Blended Learning Courses at CISD
CISD has many innovative, creative, successful ways to engage and educate gifted children. One of the newest programs — and one that appears to benefit students of all academic levels — is blended learning, where students learn through both a face-to-face and virtual environment. The typical design of a blended learning course is for students to acquire knowledge during the virtual portion and attain meaning and application during the face-to-face portion of the course.
Blended Learning classes, piloted this year at CHS and West, offer a unique advantage to Coppell students and are not available anywhere else in the metroplex. Tabitha Branum, CISD Director of Strategic Initiative, highlights the benefits of a blended learning environment.
In Blended Learning Courses, “the journey is an individualized journey.” — Tabitha Branum
- Teachers (“Facilitators”) are able to differentiate to meet individual needs and interests of the learners.
- vary the complexity and depth of lessons online.
- create small group sessions for personalized instruction
- provide student choice in acquiring knowledge and demonstrating comprehension
- Technology component embodies 21st century skills in a format that students already embrace.
- inherently engaging learning environment
- necessitates developing time management, professional ethics, internet literacy skills
- requires active participation. “Learners cannot be anonymous in a virtual world,” according to Branum.
- As virtual courses are becoming commonplace in college, these classes support the district initiative to prepare students for college by providing a guided virtual learning environment.
- Required content is covered, but the development of the curriculum is by the CISD facilitator, allowing for flexibility to tailor the course to meet the student needs and high standards of rigor and relevance of CISD academics.
The format of the middle school and high school classes is very different due to the different needs of the students in the classroom.
All sections of AP Human Geography in the fall will be Blended Learning Classes. Several sections of AP US History are offered as Blended Learning Classes. Every HS student will take Government and Economics as virtual classes. The structure of the classes at CHS will be different from this year’s pilot program due to the creation of the new Virtual Blended Learning Lab at CHS. This lab, designed by interior design students, is the comfortable, high-tech, supervised location that students attend class during their days of virtual lessons. For the first 4-6 weeks of class, the initial framework is for learners to be in a face-to-face environment for 3 days a week, and spend 2 days a week in the Virtual Blended Learning Lab. Facilitators have the flexibility to vary this schedule depending on need.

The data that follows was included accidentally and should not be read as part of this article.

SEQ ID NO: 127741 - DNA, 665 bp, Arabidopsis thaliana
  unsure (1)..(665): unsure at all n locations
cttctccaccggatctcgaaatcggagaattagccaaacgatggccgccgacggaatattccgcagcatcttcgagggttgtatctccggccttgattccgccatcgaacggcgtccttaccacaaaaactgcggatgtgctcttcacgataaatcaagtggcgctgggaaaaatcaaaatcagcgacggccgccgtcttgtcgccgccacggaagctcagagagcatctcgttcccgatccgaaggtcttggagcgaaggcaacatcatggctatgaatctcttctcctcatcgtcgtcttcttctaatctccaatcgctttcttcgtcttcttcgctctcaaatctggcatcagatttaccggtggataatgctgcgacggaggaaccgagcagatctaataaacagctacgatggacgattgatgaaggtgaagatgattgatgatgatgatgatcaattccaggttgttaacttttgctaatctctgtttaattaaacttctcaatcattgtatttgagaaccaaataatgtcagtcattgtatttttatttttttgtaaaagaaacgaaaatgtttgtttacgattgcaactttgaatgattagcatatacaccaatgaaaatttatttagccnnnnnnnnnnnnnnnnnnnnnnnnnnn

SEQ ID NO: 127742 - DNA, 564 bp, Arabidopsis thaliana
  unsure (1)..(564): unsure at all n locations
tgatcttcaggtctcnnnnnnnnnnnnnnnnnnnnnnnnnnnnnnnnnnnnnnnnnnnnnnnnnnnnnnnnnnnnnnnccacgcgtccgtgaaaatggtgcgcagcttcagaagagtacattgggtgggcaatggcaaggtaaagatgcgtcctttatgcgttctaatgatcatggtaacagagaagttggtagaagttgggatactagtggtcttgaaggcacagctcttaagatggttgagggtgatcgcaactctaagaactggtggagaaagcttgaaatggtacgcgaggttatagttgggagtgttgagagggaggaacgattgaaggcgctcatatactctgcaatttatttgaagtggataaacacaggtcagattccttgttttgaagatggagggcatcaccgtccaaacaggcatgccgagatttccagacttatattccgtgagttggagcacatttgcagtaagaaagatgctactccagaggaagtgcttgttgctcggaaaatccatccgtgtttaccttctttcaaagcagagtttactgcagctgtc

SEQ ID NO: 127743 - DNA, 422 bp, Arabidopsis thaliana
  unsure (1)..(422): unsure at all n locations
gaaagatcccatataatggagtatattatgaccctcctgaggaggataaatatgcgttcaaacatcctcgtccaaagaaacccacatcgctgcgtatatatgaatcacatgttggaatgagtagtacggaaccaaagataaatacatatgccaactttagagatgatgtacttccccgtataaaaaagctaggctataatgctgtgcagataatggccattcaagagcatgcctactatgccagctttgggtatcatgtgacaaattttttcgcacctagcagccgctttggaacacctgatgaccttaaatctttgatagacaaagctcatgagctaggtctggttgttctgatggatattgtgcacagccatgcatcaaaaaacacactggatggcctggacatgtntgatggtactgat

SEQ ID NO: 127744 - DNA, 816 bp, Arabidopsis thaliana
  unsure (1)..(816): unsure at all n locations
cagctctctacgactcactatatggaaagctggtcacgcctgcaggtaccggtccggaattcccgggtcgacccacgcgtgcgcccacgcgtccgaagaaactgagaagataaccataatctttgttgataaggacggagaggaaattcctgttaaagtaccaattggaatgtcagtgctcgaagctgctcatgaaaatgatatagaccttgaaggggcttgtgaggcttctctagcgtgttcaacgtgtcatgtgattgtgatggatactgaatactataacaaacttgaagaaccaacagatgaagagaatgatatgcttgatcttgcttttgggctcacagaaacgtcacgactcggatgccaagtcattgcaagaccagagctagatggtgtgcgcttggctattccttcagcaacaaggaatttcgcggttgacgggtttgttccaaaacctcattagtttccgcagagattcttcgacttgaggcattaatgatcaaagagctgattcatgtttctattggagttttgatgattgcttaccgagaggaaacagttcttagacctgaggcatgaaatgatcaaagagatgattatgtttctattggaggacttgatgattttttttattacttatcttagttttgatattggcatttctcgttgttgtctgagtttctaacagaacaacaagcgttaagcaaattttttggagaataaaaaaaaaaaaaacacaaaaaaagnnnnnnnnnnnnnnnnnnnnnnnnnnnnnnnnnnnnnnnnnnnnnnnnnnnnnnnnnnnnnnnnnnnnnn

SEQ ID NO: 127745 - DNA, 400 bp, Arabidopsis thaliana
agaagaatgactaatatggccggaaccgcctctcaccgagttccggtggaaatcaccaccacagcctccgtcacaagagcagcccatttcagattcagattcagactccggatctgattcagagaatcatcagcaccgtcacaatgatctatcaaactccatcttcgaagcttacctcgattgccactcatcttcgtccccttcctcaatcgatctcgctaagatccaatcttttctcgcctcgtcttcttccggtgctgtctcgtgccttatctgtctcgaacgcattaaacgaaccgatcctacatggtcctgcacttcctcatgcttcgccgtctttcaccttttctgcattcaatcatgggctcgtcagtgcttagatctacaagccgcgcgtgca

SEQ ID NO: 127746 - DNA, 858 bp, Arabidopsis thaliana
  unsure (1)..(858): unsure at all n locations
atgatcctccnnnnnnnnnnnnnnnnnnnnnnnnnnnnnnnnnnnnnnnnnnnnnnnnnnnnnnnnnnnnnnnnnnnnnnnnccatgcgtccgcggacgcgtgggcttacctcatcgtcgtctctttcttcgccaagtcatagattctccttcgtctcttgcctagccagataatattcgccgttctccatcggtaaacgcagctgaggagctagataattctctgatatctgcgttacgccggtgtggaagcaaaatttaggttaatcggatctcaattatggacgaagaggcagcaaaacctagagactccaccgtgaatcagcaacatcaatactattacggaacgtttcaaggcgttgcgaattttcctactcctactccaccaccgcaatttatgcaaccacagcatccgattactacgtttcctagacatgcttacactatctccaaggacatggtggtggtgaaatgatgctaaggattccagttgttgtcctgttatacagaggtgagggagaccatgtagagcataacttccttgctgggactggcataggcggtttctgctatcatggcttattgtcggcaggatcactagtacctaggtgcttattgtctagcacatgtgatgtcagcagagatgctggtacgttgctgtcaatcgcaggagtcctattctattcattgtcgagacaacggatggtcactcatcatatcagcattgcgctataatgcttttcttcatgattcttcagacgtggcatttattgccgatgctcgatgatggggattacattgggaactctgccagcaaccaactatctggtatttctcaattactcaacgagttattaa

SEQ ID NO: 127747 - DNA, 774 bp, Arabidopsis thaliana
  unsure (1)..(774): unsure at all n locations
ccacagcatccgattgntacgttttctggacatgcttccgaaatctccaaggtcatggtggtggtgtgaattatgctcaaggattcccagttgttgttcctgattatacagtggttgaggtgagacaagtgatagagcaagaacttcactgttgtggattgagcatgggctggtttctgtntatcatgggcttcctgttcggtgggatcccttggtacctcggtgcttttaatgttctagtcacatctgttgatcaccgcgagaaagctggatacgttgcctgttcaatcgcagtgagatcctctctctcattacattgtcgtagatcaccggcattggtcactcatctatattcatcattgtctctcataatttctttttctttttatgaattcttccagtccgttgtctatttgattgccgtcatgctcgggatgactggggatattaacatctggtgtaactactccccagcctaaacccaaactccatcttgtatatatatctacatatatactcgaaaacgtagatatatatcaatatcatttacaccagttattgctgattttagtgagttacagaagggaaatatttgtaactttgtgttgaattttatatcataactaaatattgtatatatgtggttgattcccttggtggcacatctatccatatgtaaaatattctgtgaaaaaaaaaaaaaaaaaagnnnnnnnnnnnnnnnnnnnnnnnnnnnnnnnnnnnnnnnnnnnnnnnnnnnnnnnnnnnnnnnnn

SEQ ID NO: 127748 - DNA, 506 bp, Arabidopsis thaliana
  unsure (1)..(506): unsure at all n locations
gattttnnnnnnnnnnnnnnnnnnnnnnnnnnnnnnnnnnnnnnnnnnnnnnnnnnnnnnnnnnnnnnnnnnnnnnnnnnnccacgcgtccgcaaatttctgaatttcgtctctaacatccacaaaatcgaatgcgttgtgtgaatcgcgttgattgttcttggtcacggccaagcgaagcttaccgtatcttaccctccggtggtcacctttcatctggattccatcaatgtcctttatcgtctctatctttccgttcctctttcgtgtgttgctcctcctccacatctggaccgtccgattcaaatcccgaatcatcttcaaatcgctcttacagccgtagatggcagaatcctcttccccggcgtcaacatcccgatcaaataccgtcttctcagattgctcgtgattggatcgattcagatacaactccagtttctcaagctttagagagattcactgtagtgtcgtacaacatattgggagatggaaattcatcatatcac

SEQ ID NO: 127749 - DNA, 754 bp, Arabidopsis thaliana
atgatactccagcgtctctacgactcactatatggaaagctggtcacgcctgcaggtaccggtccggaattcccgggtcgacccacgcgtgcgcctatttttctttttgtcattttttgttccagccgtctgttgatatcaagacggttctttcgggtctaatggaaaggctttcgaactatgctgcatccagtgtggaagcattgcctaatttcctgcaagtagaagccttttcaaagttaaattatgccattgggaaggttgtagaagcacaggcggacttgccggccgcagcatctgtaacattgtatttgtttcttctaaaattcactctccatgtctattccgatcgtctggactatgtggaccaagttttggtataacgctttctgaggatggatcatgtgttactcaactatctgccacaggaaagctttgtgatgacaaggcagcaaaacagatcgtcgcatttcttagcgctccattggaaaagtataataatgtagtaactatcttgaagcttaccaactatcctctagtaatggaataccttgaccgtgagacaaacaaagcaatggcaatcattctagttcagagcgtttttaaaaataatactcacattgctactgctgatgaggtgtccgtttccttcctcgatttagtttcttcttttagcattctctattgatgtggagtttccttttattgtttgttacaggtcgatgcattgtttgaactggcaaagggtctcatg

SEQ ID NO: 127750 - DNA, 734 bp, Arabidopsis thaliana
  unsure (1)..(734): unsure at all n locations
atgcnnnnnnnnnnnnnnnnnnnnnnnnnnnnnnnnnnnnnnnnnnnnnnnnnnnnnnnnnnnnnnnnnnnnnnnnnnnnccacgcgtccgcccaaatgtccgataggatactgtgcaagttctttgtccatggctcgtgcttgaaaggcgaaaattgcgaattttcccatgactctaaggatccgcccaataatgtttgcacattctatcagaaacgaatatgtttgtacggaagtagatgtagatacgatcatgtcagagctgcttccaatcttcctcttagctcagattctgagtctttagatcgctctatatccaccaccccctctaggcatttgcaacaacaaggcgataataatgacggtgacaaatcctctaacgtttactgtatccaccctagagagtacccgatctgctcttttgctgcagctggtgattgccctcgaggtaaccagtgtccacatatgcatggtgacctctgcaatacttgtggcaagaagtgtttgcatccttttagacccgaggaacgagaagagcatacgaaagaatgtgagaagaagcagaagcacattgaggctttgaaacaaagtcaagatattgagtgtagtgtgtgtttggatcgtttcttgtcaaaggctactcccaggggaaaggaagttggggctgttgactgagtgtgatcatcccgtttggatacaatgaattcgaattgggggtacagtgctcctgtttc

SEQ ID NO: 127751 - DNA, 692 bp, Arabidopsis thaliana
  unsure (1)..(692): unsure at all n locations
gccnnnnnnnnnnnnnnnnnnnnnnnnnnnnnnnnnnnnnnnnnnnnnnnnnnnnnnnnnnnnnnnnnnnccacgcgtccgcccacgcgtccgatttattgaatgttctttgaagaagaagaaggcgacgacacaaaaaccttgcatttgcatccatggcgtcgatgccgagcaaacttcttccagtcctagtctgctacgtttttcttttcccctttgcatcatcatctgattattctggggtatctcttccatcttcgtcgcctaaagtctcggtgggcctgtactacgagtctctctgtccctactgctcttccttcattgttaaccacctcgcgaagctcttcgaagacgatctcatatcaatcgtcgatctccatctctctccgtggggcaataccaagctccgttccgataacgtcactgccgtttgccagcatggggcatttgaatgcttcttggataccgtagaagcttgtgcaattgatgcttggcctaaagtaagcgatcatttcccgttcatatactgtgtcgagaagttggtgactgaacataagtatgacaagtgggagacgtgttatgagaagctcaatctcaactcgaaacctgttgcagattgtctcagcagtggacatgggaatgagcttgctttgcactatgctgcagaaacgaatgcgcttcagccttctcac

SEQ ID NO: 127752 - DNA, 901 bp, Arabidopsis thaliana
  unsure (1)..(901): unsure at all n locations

The Blended Learning English 1 class, facilitated by Laila Sanguras at West, was created to meet the challenge of providing a language arts class to 2 unique groups of students: 8th grade students who already took 8th grade GT LA in 7th grade, 9th grade students who participated in athletics outside of school 40 hours a week yet had additional LA needs. Because the students did not all attend West (even the 8th grade students attended different schools), logistics demanded that the course be primarily virtual, yet maintain a face-to-face component for small group instruction and oral commentary. Although the students had the same general curriculum, the academic needs of the two groups of students resulted in the creation of 2 separate paths in which each student flourished. For purposes of this article, I am going to focus on the GT students’ path.
Ms. Sanguras posts weekly assignments on Sunday for the students to work on throughout the week. This flexibility gives students “a lot of ownership and responsibility in their education,” according to Sanguras. The assignments and resources are posted in online folders. Students are expected to participate in online discussions and activities. Sanguras encourages students to take advantage of all of the information at their fingertips, “This is what you want – for students to understand and apply their knowledge.”
Writing assignments are also different in a blended learning environment. The facilitator is able to provide feedback more easily online, as well as gauge progress and understanding. Sanguras also allows the learners in her blended learning class to request reassessment for any assignment. “By removing the consistent GPA pressure,” she says, “students are able to really focus on what they need to learn and understand.”
Click here for a sample of the virtual discussion about To Kill a Mockingbird by participants in the Blended Learning English 1 class.
Sanguras enjoys the role of facilitator as she is a resource instead of a provider of knowledge. The coursework is stripped of all the extraneous materials and targets the specific learning objectives for the course. Students acquire knowledge from online sources, and through feedback and questioning by other students. She never gives them the answers, instead she encourages them to ask the right questions. “The hard part of learning in knowing what to focus on,” according to Sanguras. Students in blended learning classes are able to navigate the skills needed to be lifelong learners.
The Blended Learning Classes are rigorous and provide a creative and engaging learning environment for your gifted learner. These classes will continue to expand and evolve to meet the ever-changing needs of education.